Blood on the sidewalk

Last night, as I came back to the Cathedral for bible study after grabbing a bite to eat, I saw that the street in front of the Cathedral was filled with police cars, fire trucks and an ambulance. My first thought was that someone was using incense in the nave again and we’d managed to set off the smoke detectors. (Some of our staff clergy REALLY like incense.) But it wasn’t that at all.

I went into the nave first to make sure everything was ok. A small group of parishioners were in there rehearsing for the “Our Lady of Guadalupe” pageant that will being presented in a couple of weeks. They had noticed the flashing lights but had no idea what they were about.

I went outside to the street and saw the police and medics gathered together under a small balcony and staircase that gives ground access to the second floor auditorium in the Cathedral House. By the time I got there they were strapping a man into a gurney and moving him into an ambulance. I waited patiently for someone to notice me. No one did. So I moved closer. No one paid me any attention. Finally I sort of shouted: “Hello? Can someone tell me what’s happening?”

A nice officer came over to me and said “Sure”. She explained to me that a man had just tried to kill himself by jumping off the balcony. He hadn’t succeeded. All he appeared to have done was to break his leg, though there was plenty of blood anyhow. He had been standing on the corner an hour earlier threatening to take his life. A homeless vet saw him and called the police. The man was taken into custody and placed under observation. Somehow he managed to leave protective custody, came back to get his things (which he had stashed on the balcony), and jumped from the balcony.

The balcony is only one story high. I guess he thought it would do. The police told me that he was very drunk. My wife, the former EMT, tells me that she’s seen this sort of thing before. People try to jump and land head first, but it’s very hard to land on your head when you jump off a building. Apparently you rotate as you fall.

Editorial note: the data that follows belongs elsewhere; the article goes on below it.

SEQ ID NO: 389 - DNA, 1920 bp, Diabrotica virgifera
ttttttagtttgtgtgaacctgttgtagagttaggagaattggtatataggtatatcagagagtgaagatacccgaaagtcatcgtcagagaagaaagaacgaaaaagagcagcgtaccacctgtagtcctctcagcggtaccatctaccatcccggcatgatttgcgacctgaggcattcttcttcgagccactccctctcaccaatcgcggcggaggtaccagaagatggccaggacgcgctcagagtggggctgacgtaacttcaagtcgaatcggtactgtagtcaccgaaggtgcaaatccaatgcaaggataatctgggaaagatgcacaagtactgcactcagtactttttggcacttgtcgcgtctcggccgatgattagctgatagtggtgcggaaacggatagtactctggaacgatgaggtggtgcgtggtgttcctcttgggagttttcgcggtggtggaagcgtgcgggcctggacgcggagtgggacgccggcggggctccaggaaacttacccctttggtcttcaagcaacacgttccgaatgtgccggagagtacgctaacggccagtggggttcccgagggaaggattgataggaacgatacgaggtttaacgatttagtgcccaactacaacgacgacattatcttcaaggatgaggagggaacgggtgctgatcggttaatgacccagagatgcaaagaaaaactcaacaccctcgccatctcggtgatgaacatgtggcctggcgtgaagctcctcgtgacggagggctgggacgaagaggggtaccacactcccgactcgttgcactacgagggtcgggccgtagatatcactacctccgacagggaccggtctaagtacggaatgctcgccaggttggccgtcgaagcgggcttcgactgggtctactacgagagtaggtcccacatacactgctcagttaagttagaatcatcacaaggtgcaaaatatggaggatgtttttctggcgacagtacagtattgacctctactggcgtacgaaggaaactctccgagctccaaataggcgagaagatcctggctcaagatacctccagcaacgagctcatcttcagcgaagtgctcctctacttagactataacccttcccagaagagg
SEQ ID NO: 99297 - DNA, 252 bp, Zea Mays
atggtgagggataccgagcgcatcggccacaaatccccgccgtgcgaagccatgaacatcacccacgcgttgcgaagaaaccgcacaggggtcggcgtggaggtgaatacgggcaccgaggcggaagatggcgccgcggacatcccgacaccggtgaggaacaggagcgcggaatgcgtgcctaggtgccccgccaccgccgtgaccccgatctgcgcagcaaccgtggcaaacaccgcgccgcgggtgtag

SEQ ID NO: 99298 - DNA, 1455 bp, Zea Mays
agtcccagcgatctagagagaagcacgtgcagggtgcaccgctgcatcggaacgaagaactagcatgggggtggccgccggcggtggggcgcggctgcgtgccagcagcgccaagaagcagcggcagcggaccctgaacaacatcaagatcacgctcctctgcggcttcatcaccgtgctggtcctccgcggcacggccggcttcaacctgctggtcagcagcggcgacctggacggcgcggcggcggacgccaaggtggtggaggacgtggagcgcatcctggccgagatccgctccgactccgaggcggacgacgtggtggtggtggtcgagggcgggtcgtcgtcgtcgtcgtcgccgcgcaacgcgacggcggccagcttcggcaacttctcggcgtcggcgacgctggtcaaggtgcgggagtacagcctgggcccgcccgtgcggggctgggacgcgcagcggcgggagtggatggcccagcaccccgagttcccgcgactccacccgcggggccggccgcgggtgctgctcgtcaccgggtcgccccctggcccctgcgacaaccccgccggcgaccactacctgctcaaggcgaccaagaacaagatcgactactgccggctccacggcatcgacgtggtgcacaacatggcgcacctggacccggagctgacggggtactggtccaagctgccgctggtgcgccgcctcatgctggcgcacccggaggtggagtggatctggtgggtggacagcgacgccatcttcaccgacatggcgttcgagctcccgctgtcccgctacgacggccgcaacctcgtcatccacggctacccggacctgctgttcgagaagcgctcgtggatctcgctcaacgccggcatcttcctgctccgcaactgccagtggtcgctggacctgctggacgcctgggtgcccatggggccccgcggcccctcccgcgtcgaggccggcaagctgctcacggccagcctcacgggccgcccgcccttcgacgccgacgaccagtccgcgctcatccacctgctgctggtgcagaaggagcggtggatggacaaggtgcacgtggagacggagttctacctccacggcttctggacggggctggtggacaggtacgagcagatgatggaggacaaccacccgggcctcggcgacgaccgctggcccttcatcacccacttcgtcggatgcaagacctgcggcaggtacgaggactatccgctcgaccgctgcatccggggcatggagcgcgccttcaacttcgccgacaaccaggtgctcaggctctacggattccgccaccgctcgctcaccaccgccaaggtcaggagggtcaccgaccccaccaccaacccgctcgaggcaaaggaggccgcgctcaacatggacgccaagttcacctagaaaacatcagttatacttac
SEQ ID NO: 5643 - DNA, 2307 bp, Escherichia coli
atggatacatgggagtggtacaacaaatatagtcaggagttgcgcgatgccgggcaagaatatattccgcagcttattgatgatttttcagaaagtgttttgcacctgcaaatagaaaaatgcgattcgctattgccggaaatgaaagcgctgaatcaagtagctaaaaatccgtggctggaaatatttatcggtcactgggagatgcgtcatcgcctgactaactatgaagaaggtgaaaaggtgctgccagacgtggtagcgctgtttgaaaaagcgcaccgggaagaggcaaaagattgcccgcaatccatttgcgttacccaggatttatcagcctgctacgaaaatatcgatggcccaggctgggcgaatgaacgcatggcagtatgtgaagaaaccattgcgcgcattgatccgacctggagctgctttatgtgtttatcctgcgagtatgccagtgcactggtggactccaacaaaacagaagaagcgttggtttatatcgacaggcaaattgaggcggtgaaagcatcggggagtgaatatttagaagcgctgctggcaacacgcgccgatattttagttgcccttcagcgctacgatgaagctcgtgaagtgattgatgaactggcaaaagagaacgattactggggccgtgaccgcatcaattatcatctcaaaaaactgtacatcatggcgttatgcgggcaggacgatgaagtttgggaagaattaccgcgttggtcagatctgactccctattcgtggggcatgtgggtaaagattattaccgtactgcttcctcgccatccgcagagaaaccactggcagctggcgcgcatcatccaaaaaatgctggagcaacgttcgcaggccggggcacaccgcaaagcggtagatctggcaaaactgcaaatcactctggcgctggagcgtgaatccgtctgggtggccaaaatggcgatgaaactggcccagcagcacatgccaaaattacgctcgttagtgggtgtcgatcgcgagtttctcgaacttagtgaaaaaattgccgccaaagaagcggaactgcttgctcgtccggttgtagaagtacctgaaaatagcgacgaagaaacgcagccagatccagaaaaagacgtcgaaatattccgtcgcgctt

After being told the news, I went back to talk with the various groups in the building who were, by this time, looking anxiously out the windows into the courtyard. 

While I had been out there, another homeless teenager had come in and gone upstairs. I found him sitting at my desk using the computer. He said he was thirsty and tired and wanted a glass of water. He also complimented me on my Macintosh. He told me his name was Benjamin David. I got him water and walked downstairs with him. I invited him to sit for a while in the art gallery, to use the bathrooms if he needed to and to rest for a while. As soon as I had turned to go back up the stairs, he ducked into the elevator to head back up to the office level. I met him at the next landing as the door opened (it’s a slow elevator) and walked back down to the gallery with him. A parishioner had just come in and he offered to sit with Benjamin David for a bit, but that didn’t last very long and Benjamin David wandered back out into the darkness.

The police officer came to find me to ask me to help her wash up the blood on the sidewalk. We got a bucket, filled it with soapy water, carried it outside and did what we could.

I don’t know if the man who jumped is going to be ok or not after his injuries. I don’t know where Benjamin David went. We prayed for them at bible study. And we talked a bit about urban church ministry. There are a number of retired clergy who attend the Cathedral and who often attend my bible study classes. They all had a story to share.